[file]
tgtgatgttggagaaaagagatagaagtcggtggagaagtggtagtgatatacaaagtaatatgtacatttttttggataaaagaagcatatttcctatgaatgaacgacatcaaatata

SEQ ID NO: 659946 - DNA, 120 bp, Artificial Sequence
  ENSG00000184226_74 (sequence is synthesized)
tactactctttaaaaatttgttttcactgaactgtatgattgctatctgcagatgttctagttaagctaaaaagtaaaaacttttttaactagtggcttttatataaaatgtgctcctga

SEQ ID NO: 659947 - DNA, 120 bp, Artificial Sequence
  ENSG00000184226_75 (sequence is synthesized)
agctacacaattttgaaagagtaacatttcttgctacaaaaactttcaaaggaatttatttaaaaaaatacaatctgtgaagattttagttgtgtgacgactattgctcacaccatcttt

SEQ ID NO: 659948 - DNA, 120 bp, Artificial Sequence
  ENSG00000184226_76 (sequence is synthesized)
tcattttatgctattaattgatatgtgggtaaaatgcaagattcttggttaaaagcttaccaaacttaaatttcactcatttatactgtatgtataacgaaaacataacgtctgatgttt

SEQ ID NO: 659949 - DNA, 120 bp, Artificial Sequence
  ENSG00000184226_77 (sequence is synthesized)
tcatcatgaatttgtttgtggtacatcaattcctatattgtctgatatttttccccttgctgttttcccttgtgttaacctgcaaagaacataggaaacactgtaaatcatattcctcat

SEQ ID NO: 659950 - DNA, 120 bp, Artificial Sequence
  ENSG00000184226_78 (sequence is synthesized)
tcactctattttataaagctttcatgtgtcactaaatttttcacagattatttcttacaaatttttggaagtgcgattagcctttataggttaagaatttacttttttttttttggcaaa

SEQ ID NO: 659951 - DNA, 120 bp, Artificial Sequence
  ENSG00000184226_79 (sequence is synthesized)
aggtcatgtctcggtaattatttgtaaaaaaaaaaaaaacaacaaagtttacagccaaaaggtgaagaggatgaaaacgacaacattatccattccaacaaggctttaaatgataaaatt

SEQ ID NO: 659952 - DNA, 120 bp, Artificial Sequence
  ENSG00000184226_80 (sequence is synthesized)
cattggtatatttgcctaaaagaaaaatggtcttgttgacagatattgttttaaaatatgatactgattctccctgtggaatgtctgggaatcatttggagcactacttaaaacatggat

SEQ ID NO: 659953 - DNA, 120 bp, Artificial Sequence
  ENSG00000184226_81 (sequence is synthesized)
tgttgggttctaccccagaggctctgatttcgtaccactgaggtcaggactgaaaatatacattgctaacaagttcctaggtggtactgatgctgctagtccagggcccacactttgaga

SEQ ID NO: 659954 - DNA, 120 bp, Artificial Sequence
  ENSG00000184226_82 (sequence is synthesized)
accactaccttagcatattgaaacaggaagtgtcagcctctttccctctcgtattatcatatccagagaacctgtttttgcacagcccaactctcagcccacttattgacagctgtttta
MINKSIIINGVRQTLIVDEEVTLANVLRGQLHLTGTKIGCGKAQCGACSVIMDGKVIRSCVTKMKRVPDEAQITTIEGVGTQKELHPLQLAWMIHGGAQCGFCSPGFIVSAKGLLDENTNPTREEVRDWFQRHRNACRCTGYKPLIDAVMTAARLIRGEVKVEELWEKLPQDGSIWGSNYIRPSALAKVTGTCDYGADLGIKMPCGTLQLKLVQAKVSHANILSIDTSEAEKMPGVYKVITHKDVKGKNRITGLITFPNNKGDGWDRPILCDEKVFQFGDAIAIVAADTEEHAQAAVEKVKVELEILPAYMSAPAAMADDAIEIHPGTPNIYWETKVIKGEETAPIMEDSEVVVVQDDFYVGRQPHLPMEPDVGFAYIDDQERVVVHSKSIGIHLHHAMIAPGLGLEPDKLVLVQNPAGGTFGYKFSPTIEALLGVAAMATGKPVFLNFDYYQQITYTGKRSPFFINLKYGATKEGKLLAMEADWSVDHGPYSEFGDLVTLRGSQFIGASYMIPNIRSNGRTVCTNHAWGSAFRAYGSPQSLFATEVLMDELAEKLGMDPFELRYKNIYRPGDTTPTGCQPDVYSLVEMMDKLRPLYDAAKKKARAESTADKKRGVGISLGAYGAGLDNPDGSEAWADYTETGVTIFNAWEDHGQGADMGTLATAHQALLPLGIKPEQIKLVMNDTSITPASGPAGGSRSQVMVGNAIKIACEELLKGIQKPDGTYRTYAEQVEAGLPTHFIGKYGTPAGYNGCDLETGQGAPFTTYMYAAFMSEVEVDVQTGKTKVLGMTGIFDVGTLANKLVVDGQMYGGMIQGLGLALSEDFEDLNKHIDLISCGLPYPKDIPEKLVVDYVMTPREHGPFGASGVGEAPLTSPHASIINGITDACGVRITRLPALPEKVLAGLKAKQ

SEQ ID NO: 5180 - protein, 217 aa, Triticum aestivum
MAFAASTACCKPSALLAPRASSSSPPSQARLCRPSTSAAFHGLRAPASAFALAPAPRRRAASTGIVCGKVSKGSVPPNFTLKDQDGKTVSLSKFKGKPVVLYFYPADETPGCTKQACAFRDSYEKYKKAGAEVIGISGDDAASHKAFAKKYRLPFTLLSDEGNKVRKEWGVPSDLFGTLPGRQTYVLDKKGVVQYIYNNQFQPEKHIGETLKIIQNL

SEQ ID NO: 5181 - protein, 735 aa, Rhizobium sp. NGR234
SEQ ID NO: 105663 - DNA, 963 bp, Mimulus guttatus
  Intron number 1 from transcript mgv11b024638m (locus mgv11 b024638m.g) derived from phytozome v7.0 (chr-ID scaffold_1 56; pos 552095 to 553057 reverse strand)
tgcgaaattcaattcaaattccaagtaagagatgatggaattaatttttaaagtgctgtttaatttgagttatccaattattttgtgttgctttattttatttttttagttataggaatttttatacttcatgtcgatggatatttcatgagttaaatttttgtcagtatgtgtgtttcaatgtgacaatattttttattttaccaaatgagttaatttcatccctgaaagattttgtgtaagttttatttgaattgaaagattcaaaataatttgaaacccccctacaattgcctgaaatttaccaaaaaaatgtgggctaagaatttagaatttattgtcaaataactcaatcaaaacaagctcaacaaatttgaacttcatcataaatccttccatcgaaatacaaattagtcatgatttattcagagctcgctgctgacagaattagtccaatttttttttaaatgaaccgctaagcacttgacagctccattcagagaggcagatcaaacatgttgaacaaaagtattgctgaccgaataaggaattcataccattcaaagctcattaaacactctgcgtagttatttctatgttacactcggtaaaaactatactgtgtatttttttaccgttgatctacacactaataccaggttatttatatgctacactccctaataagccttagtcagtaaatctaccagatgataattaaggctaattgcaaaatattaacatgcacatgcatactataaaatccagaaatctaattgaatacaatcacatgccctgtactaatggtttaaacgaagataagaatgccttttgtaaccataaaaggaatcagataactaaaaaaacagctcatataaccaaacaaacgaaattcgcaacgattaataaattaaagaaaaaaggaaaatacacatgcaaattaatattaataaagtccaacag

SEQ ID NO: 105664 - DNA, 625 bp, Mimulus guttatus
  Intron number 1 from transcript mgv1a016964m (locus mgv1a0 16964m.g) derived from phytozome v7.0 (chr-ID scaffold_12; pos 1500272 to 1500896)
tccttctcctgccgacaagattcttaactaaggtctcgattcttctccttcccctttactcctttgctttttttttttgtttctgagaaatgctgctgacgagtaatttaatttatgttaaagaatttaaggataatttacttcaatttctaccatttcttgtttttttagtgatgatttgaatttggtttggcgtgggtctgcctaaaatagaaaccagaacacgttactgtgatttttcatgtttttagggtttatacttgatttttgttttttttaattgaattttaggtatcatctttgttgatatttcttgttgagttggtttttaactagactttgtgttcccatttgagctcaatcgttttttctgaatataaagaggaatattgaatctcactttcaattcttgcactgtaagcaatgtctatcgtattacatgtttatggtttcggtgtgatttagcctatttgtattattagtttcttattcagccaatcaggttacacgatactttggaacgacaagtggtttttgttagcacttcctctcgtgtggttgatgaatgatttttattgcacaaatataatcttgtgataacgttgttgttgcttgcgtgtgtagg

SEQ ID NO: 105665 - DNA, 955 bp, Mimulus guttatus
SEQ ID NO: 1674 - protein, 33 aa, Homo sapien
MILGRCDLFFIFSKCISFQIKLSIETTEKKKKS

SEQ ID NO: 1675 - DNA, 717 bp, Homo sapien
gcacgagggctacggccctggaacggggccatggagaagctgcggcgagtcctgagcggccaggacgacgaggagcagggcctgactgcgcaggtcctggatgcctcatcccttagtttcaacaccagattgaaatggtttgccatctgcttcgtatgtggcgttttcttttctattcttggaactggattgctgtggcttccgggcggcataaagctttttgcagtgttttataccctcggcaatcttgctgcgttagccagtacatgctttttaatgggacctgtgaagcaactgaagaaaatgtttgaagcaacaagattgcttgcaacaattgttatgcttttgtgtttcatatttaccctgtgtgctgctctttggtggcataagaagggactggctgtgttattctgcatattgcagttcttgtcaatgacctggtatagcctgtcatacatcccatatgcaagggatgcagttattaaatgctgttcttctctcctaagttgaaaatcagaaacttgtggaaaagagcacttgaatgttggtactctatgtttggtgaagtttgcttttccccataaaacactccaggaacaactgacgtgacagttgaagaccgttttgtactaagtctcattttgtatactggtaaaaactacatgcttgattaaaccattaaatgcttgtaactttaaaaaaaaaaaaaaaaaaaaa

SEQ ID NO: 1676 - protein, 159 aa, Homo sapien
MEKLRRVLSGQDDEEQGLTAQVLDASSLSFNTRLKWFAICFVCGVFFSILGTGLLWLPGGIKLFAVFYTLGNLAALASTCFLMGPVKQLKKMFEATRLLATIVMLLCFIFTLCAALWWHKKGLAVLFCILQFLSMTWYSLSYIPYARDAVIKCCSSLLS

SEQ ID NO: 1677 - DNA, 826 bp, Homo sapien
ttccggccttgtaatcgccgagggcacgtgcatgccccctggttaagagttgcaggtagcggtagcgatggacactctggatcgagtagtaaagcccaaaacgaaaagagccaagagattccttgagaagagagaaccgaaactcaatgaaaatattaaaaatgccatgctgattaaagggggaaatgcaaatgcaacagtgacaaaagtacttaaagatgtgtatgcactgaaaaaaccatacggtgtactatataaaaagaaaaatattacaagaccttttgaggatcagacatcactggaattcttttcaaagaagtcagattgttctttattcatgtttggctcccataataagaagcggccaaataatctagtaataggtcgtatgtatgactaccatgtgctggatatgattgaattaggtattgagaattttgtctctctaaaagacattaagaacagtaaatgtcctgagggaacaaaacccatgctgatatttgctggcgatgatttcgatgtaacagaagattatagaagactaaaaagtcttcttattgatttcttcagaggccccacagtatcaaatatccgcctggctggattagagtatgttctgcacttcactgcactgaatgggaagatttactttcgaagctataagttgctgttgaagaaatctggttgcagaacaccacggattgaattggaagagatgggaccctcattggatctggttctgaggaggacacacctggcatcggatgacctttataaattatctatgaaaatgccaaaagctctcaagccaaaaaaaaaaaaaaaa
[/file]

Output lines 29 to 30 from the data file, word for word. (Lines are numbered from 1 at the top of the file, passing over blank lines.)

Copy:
MINKSIIINGVRQTLIVDEEVTLANVLRGQLHLTGTKIGCGKAQCGACSVIMDGKVIRSCVTKMKRVPDEAQITTIEGVGTQKELHPLQLAWMIHGGAQCGFCSPGFIVSAKGLLDENTNPTREEVRDWFQRHRNACRCTGYKPLIDAVMTAARLIRGEVKVEELWEKLPQDGSIWGSNYIRPSALAKVTGTCDYGADLGIKMPCGTLQLKLVQAKVSHANILSIDTSEAEKMPGVYKVITHKDVKGKNRITGLITFPNNKGDGWDRPILCDEKVFQFGDAIAIVAADTEEHAQAAVEKVKVELEILPAYMSAPAAMADDAIEIHPGTPNIYWETKVIKGEETAPIMEDSEVVVVQDDFYVGRQPHLPMEPDVGFAYIDDQERVVVHSKSIGIHLHHAMIAPGLGLEPDKLVLVQNPAGGTFGYKFSPTIEALLGVAAMATGKPVFLNFDYYQQITYTGKRSPFFINLKYGATKEGKLLAMEADWSVDHGPYSEFGDLVTLRGSQFIGASYMIPNIRSNGRTVCTNHAWGSAFRAYGSPQSLFATEVLMDELAEKLGMDPFELRYKNIYRPGDTTPTGCQPDVYSLVEMMDKLRPLYDAAKKKARAESTADKKRGVGISLGAYGAGLDNPDGSEAWADYTETGVTIFNAWEDHGQGADMGTLATAHQALLPLGIKPEQIKLVMNDTSITPASGPAGGSRSQVMVGNAIKIACEELLKGIQKPDGTYRTYAEQVEAGLPTHFIGKYGTPAGYNGCDLETGQGAPFTTYMYAAFMSEVEVDVQTGKTKVLGMTGIFDVGTLANKLVVDGQMYGGMIQGLGLALSEDFEDLNKHIDLISCGLPYPKDIPEKLVVDYVMTPREHGPFGASGVGEAPLTSPHASIINGITDACGVRITRLPALPEKVLAGLKAKQ

SEQ ID NO: 5180 - protein, 217 aa, Triticum aestivum